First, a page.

Daily Tar Heel (Chapel … /
Feb. 3, 1960, edition 1 /
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FEB 5 lego
I'arlly cloudy and colder today.
High in lower 40s. ,lnereasing
li.udiiif ss ;md lilllc change in
temperature I Imisdjv.
67 years of dedicated service to
a better University, a better state
and a better nation by one of
America's great college papers.
hoe motto states, "freedom of
expression Is the backbone of an
VOLUME LXVIII, NO. 85
Complete IS) Wire Service
CHAPEL HILL, NORTH CAROLINA, WEDNESDAY, FEBRUARY 3, 1960
Ofjices in Graham Memorial
FOUR PAGES THIS ISSUE
22 UNC Students Pay Visit
To University Of Toronto
Box p v ,Nv Q -
i i r i f f 3 i i I .s- viii ii t i ii ii i. ail -s.i f j via i 3
l I J I II M r 71 i J I mim&? t fell v J I
sy y y
Itv JIWV ton M'lllM.lM;
C. moduli student-; played hos
.l.in 2 M l'H Student (iovcrnmcn
le id. rs who paid a visit to ;hc I'ni
ffi: : ron.nto.
Kctiirmm; the Canadians' Nov
fnihcr isil. tin- Carolina students
spent lour days round trip travel
ing by lr;nn. A set en-hour lay
ocr in New i.rk bo(h ways al
lowed them time lo lour tin- city
ti oin tin N.-w Vo. k sloc k e-
mm- lo (i; ci iiw it It Village.
Tr.ias,.i'r..:io.j expenses were c
cic.i Dv i'.c-.. dc.it Charlie tiriiy":
d mi 1 1.. n.;. v liu;d ami .,( a ..u
:;. ,',( , urn ed iiy an a.'o'iynu.u
I 'j"!' i . v . r arrir a!, tin UC st;
icn!s ve;c h. ii,. 'led .it a ste.ik
lam in ..a !i ILnsy (i II. a per, 1!M.
I . .i I. i.i.i ,i n! v u e p. c- id. IK o
(i,.i,ii (Mi l.lc ,i!.d K.Iii.mT fit. 11
pare, l-'i id.iy at c. iu ni lh.y pariiti
p.iiol in a M-iiriiar on C.ik.di.in
Aaii'.kan ie!.i,ioi,s ui.li William
.dcVauiit , niriiiiici- o! the his.oiv
l.u ul y .
li.nocr ill II.. i t House, (he d. luxe
student uui ii, was followed Itv
lurilie- d.seussiidi ol I he seminal
topic. (..II Km Ion gave a party
lli.it night, lo p.m. -2 a.m. (It is
ciiMoma.y lo lie-in parlies there
at u later hour than usual a!
American uu.v ersiiies. )
Saturday mon.ing was ?.peat on a
lann r.var Toronto sL-ddm..;, ski;ng
and tobogganing. A free aitcrnoon
gave Carolina students an oppor
tuni;y to visit wi.h their individual
hosts. Since the Univeisi.y of Tor
onto is primarily a coiiiiniiUT col
lege, the ;iH's!.. .stayed in piivatt
They dined at a lYenih cafe.
La Maison Dare before seeing (he
National Hue key League game le
tMeen Toronto and New York.
Toronto won 3-2. A party, 10 p.m..
3 a.m., at DeieU Hayes' house
concluded the evening's activities.
Part of the ealei taiument included
u live piece conilm uhich pro
vided intriiii!! music u.th oil
diums of various sivs.
Al'.er seiicrs at ITjaity College
' t'h.ipe! JA .ho .s.u.leais had hrcuk
fa.st al Iii.uiy College. The alier
itoon v.. leotl to a concert pre-M-nied
by the roroi.to Symphony
Orchestra followed by dinner at the
di.hiciit Canadian homes. The last
even; of ;hc nip was a Ian-wed
p. illy uixen by Dean A. J. K.up.
'I lie stu.;eids who made the trip,
in ad.l.li.n to Kay Jelleiies. were
.Sophie M.11I..1, Nancy Awbiey.
Sandy Irotoi.in. Judy Albernolti,
Nancy H.imt, Anic Kaker. Anne
Towers. C.vn hia (irant. lame
Ana ii imer. Ka liy Falenw i-l. r,
Anno i'eny. Cnjil.e (ray. David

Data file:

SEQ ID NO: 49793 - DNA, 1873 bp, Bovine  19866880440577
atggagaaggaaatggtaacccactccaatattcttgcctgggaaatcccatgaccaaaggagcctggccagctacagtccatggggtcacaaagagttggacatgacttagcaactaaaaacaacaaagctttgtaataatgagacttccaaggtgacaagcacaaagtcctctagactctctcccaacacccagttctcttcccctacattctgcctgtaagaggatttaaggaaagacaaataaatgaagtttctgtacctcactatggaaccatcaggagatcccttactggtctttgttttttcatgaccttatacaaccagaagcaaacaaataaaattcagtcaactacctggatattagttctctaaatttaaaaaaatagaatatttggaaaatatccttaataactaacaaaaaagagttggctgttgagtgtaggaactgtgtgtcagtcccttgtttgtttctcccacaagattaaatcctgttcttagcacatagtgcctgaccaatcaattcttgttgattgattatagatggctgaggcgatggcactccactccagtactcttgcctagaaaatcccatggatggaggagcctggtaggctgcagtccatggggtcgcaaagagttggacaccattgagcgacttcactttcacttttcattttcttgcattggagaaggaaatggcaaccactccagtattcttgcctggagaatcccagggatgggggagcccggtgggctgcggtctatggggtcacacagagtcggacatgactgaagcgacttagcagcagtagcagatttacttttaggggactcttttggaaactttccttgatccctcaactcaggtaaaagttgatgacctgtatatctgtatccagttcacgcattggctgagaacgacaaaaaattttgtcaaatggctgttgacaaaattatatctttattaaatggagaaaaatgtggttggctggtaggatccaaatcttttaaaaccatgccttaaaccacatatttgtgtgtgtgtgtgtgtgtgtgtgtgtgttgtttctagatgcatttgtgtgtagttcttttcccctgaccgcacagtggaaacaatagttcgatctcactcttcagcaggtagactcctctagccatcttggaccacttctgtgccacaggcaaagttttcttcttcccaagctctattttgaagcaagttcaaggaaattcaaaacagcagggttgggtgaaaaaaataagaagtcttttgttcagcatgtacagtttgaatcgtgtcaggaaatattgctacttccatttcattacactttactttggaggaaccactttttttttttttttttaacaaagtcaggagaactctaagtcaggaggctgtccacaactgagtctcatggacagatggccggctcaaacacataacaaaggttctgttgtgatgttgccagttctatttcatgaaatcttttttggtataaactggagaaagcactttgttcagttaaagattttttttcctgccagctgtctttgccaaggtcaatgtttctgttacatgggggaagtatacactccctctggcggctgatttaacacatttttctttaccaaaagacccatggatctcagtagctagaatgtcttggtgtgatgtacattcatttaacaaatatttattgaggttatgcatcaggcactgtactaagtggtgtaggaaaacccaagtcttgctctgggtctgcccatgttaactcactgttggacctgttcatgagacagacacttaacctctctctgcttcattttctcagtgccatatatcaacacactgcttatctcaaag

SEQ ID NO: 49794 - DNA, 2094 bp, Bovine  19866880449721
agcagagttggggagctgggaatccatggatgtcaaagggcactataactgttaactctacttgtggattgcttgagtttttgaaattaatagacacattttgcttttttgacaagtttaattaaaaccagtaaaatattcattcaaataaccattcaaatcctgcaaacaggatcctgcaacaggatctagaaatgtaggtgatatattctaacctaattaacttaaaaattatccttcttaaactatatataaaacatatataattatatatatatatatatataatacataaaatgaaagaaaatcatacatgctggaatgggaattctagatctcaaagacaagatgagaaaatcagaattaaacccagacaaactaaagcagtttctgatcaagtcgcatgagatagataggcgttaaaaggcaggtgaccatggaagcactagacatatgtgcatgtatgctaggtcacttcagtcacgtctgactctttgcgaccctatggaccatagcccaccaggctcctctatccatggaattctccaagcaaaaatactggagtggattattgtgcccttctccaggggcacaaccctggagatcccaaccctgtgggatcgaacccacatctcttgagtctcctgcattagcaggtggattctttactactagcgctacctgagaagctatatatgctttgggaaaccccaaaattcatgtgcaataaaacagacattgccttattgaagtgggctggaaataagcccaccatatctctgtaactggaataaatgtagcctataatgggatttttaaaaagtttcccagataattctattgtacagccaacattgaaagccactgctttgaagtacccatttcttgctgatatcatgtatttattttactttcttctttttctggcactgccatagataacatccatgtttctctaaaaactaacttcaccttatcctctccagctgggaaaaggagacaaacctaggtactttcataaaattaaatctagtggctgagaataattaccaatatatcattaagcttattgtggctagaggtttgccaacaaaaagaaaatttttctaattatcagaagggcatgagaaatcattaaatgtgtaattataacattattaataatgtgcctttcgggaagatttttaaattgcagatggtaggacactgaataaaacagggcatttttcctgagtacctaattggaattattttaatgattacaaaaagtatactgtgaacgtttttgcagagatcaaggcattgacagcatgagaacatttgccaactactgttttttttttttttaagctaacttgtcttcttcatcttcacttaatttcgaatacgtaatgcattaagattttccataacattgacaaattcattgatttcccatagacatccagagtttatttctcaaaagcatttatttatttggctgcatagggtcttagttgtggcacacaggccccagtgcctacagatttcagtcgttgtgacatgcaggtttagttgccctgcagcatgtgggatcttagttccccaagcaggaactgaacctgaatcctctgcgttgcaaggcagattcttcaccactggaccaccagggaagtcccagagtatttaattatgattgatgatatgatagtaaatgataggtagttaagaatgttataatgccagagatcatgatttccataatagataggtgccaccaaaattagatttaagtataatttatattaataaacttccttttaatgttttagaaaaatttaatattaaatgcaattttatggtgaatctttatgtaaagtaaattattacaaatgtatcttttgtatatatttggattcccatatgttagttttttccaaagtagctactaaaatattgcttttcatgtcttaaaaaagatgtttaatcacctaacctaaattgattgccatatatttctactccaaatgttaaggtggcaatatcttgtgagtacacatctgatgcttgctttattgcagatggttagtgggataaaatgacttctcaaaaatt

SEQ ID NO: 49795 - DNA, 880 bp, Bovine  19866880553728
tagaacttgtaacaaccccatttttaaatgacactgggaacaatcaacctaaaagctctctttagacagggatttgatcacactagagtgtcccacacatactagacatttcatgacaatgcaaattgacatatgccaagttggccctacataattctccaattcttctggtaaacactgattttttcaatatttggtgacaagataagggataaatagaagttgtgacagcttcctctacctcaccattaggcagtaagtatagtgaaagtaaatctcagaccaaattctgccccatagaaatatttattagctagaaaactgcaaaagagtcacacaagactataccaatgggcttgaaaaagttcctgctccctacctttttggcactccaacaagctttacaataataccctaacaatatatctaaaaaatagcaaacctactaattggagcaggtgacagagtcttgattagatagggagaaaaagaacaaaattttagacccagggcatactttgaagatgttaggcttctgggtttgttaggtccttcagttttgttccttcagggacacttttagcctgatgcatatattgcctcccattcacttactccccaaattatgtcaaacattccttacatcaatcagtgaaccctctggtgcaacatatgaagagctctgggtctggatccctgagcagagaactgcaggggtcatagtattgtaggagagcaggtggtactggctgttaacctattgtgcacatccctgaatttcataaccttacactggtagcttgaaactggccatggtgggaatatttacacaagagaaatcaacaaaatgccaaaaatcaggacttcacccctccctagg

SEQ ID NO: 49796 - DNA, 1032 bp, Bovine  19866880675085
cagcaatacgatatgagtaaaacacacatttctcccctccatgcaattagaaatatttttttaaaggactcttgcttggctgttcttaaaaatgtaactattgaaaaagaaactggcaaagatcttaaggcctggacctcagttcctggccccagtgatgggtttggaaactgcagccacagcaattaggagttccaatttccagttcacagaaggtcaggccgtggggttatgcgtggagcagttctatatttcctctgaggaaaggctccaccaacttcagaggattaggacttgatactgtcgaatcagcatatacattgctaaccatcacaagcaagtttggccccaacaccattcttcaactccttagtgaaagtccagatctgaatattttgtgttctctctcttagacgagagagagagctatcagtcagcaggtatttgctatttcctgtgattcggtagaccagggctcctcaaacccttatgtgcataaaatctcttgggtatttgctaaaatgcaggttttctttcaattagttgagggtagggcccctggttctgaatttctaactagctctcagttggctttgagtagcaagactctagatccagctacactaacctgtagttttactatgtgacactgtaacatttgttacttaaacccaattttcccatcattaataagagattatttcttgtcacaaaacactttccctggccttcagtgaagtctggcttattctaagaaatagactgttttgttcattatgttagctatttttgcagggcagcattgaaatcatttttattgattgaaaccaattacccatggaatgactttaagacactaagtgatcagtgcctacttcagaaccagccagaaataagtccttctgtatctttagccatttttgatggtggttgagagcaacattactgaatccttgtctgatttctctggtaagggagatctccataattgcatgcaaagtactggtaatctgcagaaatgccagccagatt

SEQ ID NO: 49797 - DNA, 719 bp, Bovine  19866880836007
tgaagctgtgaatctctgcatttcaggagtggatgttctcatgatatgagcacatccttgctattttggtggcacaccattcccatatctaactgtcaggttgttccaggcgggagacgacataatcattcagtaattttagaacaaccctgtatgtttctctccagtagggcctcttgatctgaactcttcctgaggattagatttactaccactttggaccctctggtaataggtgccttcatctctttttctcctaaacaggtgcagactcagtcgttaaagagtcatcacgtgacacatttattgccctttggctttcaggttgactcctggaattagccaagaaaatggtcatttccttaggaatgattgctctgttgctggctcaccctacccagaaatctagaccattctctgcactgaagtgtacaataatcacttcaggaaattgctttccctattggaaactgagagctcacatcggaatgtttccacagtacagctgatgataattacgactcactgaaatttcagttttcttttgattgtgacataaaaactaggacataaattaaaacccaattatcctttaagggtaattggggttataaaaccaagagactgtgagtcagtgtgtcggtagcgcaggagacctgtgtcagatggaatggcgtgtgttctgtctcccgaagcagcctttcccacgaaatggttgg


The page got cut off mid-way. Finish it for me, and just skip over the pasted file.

'iiiK-i. Davis You i. .Kin Crow -oer,
(iordon S.reel. Hill Cuiich
lield. ILiiik I'aHerson, KrAi.n Fuller,
dim Scott. Wade Smith and David
Committee To Meet
The Carol in i Symposuiiu pro
graii cnm-niU;c will meet (his
alteiuooii at I. Phi Hall. New
"I have certainly realized that anjone can become mentally
This statement was made by a UNC coed who was one
cf several students who made weekly trips to Dix Hill last
I.a-t night a seminar in mental health got underway here in
connection with the 'Y' Dix Hill service project. Both" the project
ami the seminar are open to all students. A seminar will be held
ca-h Tuesday evening at 7 in too upstairs dining room of Lenoir
The organisational meeting last night consisted in part of
a discussion of trips made to Dix Hill last semester and ton
siferaion ef the book "Light Beyond Shadows," by the Rev
The combination project-seminar has at least two goals in
mind: "some contribution to the therapeutic atmosphere of the
mental hospital in Raleigh, and some opportunity for those in
volved to gain a deeper insight into their own self-image." The two
programs are under the direction of Deene D. Clark, Danforth Sem
The following are some of the statements made hy students
who went to Dix Hill lo do volunteer work in the wards last
" ' " tense of revulsion against these 'insane,
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I . " '"' 1 '" I- Bill IT t l-'-.-.---- v- ..
ROYAL CANADIAN WELCOME Peter Brawley, University of
Toronto student, lifts UNC student Cynthia Grant high off the ground
in one of the weekend's typical displays of friendliness.
(Photo by Jacques Roberge)
Holiday Set For SanforcPs
Expected Bid For Top Pest
FAYETTKVLLE. '.. Faye'.te
ville anJ Cumberland County make
ii a holiday Thursday for Terry San
ford's announcement that lie is run
i.n for gjvernar.
The t '-year-old lawyer will
make his formal entry in the race
while the city and county cele
brates "Terry Sanlord Day."
The announcement will make of
ficial what has been obvious for
many months that Sanford is cam
paigning lor the Democratic nom
ination lor governor in the May
primary. It also will climax a state
wide tour which Sanford has con-
Dr. George V. Taylor, associate
professor ol history, will deliver the
second talk in the Last Lecture Se
. ics. Monday. 1! p.m. in Memorial
"IN. lections on Uncertainty"
w.l. be the subject of Dr. Taylor's
ice tiii e, which will contain the
th.aig.its the speaker would like
no s. to leave with American eol-le-p
students il he knew this were
to be his last lecture.
D. Taylor, who is the coordinator
of the Freshman Honor.s Program,
joined the UNC lacully in l!)52. He
ieceiveJ his B. A. from Uutyers
University in 1!I41, and his M. A.
and Ph 1). from the University oi
Wisconsin in 1:M!) and I'JaO.
Ibis unique lecture series was
originated at Ohio State Univer
si y. and Carolina is currently (he
only .school in the nation conduct
ing the series, which is sponsored
by student government.
ental Illness Can
ducted since January.
John D. Larkius Jr. of Trenton,
lawyer and state Democratic na